The following is from a Beyond Extreme Energy (BXE) press release:
March 24, Washington, DC — Gasland filmmaker Josh Fox, Megan Holleran and five others were arrested in the driveway of the Federal Energy Regulatory Commission (FERC) while waiting for commissioners to join them for pancakes topped with the last drops of maple syrup from the Holleran family farm in New Milford, PA. They and about two dozen other activists were protesting FERC’s approval for the clear-cutting of a wide swath of maple trees at the Holleran farm.
Blocked by guards from entering the FERC building, Fox repeatedly called on the commissioners to come down for “the last dregs of syrup” and a conversation about fracked-gas infrastructure and climate change.
“Everyone I know is fighting a pipeline or a compressor station or a power plant that is in front of FERC for approval,” said Fox, wearing an apron that said “Pancakes not Pipelines.”
It is clear to me that FERC has to be the most destructive agency in the United States right now. They are faceless, nameless, unelected and ignore citizen input. I think of FERC as the Phantom Menace. The agency’s commissioners have been rubber-stamping fracking infrastructure all over country that threatens local communities and the planet by accelerating climate change.
Climate activist Tim DeChristopher, of Pawtucket, RI, wearing a chef’s cap and a “Pancakes not Pipelines” apron, cooked the pancakes on a solar-powered cooktop set up on the sidewalk in front of FERC. DeChristopher said FERC had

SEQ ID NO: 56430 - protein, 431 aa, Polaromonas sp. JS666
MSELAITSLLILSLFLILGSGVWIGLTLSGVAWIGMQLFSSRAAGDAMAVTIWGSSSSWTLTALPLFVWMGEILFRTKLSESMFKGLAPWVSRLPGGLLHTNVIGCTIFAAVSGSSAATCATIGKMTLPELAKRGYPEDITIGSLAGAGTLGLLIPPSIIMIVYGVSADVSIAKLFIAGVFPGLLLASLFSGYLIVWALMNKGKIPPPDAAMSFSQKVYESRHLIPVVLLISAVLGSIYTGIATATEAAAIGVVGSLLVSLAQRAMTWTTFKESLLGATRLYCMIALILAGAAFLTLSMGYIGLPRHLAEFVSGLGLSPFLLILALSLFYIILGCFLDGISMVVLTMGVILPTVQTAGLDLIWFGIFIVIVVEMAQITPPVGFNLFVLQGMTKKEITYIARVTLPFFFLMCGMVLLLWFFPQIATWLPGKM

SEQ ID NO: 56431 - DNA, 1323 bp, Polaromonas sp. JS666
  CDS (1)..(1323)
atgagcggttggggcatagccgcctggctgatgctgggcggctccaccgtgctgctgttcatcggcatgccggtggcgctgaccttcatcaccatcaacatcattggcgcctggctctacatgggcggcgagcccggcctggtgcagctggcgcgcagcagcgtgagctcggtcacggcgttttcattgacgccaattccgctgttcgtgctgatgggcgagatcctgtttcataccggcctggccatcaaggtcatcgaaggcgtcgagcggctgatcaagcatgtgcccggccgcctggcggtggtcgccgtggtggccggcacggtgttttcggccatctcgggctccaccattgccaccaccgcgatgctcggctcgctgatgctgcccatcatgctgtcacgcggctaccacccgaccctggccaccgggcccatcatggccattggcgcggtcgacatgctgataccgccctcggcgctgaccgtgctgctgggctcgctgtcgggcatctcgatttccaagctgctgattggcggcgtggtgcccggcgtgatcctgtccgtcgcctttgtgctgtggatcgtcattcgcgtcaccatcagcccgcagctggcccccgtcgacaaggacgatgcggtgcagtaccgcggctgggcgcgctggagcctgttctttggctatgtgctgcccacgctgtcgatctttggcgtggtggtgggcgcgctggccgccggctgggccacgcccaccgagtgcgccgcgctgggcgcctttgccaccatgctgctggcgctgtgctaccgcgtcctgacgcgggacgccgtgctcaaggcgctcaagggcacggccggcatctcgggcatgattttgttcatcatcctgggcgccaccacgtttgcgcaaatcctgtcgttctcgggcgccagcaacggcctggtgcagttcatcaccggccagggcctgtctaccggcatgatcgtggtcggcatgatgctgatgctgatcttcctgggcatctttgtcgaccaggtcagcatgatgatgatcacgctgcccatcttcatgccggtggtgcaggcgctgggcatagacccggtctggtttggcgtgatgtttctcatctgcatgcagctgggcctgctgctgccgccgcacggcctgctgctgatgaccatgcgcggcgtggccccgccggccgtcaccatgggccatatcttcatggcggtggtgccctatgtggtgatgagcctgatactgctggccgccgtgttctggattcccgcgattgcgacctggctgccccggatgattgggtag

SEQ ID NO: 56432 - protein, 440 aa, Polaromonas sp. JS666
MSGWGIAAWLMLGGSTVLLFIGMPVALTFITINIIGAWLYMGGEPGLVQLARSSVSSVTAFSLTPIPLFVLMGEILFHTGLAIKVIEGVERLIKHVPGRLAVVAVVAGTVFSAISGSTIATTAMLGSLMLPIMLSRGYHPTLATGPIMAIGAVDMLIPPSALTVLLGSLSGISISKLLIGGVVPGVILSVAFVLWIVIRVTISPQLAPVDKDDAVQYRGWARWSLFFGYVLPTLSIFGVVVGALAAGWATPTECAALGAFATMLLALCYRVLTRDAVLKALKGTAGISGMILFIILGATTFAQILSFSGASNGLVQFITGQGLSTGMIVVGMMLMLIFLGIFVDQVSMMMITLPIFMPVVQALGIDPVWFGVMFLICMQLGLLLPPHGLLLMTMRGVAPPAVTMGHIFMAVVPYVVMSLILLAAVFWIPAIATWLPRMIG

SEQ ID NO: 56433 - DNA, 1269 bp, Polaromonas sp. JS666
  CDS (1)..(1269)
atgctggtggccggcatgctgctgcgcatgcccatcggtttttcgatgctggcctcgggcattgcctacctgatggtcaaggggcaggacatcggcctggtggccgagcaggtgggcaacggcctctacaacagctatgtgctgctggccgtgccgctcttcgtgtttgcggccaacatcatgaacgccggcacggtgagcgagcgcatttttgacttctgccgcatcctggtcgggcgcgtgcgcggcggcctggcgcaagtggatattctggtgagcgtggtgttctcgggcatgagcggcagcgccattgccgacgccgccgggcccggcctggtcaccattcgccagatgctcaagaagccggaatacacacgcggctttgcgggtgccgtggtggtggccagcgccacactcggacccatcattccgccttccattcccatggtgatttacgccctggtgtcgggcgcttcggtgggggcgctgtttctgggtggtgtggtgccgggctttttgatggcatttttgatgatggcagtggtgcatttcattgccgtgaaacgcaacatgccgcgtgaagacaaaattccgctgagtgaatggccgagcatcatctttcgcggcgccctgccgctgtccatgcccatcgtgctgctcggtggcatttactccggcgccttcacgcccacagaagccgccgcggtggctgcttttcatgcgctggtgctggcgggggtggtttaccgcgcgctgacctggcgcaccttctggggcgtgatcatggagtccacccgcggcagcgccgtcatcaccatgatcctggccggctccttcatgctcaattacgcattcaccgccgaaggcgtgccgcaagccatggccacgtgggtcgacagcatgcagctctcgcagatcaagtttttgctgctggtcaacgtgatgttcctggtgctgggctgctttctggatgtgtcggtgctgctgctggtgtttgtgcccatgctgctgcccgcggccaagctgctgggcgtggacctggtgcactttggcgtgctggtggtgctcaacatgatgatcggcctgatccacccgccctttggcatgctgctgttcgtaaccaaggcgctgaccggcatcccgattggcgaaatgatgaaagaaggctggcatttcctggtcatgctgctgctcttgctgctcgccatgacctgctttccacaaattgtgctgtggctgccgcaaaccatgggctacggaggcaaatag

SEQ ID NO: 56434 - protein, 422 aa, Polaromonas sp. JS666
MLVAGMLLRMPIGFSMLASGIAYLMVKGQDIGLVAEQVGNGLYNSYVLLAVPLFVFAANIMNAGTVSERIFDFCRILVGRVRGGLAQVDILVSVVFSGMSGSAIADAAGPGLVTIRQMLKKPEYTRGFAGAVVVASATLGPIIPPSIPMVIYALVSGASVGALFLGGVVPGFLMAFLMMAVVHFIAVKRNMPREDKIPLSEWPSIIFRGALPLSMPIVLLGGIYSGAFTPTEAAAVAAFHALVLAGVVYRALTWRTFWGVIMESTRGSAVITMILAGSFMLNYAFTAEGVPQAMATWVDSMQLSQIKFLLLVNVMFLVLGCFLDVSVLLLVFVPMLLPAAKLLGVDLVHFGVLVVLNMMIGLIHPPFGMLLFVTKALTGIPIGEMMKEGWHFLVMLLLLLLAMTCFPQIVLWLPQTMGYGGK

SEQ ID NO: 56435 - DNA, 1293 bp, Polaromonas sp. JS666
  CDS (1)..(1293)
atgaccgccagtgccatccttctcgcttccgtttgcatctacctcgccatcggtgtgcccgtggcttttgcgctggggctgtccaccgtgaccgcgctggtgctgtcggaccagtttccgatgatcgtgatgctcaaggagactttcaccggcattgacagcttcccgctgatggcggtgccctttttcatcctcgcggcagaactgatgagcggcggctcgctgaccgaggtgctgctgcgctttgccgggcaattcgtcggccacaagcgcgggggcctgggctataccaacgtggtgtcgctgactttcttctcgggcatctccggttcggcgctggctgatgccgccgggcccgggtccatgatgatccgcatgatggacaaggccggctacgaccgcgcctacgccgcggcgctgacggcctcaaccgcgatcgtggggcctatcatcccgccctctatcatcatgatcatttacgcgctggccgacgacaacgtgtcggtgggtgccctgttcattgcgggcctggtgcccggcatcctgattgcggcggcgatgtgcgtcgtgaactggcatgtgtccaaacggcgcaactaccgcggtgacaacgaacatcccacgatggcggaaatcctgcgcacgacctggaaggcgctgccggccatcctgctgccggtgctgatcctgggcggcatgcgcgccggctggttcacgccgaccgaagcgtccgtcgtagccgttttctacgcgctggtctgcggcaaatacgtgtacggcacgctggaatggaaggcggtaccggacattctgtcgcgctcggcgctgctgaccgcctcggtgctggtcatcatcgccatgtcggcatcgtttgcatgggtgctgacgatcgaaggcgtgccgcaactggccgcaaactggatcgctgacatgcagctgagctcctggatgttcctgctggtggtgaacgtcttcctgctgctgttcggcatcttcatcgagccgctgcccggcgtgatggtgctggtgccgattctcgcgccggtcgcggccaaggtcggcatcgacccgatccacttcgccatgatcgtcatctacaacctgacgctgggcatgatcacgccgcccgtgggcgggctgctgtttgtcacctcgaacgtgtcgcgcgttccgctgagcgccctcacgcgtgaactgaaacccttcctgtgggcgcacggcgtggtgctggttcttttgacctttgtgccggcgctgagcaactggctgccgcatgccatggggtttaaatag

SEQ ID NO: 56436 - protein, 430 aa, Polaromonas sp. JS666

cut down life-giving maple trees to make room for a death-dealing pipeline. The agency has been able to get away with this shameful behavior by operating in the shadows. We’re here today to invite FERC employees into the open, to engage in a human way with the people whose lives are impacted by FERC’s decisions.
Protesters carried banners that said “Stop the Methane Pipeline” and “Pancakes not Pipelines.” Led by singer-songwriter Bethany Yarrow, who was also arrested and is the daughter of Peter Yarrow, protesters sang songs, including “We Shall Not Be Moved” and “Ain’t Gonna Let Nobody Turn Me ‘Round.”
While seated at a table, eating pancakes and waiting for FERC commissioners or employees to join them, several people hurt directly by the agency’s permits also spoke.
Holleran, among those arrested with Fox, said FERC had given approval for the trees to be cleared before the pipeline had all the required permits. “We followed all the rules. We asked them to wait before doing irreparable harm to our farm. This could happen to anyone,” she said. “FERC, come on down and chat with me. FERC has a chance to be accountable now.”
Nancy Vann, a Westchester, NY, landowner who blocked tree-cutting on her land for the Spectra Energy’s Alqonquin Incremental Market (AIM) pipeline, said,
Each tree that is cut is another step toward an uninhabitable planet. I’m here for Megan and her family and for the 20 million people living within a 50-mile radius of the pipeline that’s planning to go 105 feet from the Indian Point nuclear power plant and two earthquake fault lines.